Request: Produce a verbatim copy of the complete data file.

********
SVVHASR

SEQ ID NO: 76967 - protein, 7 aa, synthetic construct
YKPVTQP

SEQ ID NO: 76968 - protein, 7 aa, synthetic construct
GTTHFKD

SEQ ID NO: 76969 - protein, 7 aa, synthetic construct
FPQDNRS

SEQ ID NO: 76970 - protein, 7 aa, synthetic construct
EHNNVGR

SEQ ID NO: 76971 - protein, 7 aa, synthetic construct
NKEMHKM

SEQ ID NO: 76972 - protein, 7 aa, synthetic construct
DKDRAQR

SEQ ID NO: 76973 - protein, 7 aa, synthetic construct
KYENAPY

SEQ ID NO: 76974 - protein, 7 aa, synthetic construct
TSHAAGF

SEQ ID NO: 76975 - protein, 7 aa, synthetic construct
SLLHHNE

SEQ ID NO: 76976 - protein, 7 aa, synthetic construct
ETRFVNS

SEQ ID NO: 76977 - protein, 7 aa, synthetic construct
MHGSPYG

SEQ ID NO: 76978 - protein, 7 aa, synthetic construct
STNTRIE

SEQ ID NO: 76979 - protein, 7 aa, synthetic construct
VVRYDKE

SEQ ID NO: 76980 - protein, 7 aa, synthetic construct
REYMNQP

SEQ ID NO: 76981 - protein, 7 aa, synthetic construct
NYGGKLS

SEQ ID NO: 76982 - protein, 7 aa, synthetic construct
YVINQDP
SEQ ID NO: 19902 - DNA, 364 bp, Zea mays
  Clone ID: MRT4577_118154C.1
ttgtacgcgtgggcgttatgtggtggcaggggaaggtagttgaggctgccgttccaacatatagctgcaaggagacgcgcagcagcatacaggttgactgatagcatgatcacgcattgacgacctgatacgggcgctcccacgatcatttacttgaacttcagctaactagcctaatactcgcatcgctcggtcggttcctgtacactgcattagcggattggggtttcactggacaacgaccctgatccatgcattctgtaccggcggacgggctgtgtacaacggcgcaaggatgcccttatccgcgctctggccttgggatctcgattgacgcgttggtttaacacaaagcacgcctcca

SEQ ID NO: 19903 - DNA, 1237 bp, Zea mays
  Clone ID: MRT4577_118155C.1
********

SVVHASR

SEQ ID NO: 76967 - protein, 7 aa, synthetic construct
YKPVTQP

SEQ ID NO: 76968 - protein, 7 aa, synthetic construct
GTTHFKD

SEQ ID NO: 76969 - protein, 7 aa, synthetic construct
FPQDNRS

SEQ ID NO: 76970 - protein, 7 aa, synthetic construct
EHNNVGR

SEQ ID NO: 76971 - protein, 7 aa, synthetic construct
NKEMHKM

SEQ ID NO: 76972 - protein, 7 aa, synthetic construct
DKDRAQR

SEQ ID NO: 76973 - protein, 7 aa, synthetic construct
KYENAPY

SEQ ID NO: 76974 - protein, 7 aa, synthetic construct
TSHAAGF

SEQ ID NO: 76975 - protein, 7 aa, synthetic construct
SLLHHNE

SEQ ID NO: 76976 - protein, 7 aa, synthetic construct
ETRFVNS

SEQ ID NO: 76977 - protein, 7 aa, synthetic construct
MHGSPYG

SEQ ID NO: 76978 - protein, 7 aa, synthetic construct
STNTRIE

SEQ ID NO: 76979 - protein, 7 aa, synthetic construct
VVRYDKE

SEQ ID NO: 76980 - protein, 7 aa, synthetic construct
REYMNQP

SEQ ID NO: 76981 - protein, 7 aa, synthetic construct
NYGGKLS

SEQ ID NO: 76982 - protein, 7 aa, synthetic construct
YVINQDP
SEQ ID NO: 19902 - DNA, 364 bp, Zea mays
  Clone ID: MRT4577_118154C.1
ttgtacgcgtgggcgttatgtggtggcaggggaaggtagttgaggctgccgttccaacatatagctgcaaggagacgcgcagcagcatacaggttgactgatagcatgatcacgcattgacgacctgatacgggcgctcccacgatcatttacttgaacttcagctaactagcctaatactcgcatcgctcggtcggttcctgtacactgcattagcggattggggtttcactggacaacgaccctgatccatgcattctgtaccggcggacgggctgtgtacaacggcgcaaggatgcccttatccgcgctctggccttgggatctcgattgacgcgttggtttaacacaaagcacgcctcca

SEQ ID NO: 19903 - DNA, 1237 bp, Zea mays
  Clone ID: MRT4577_118155C.1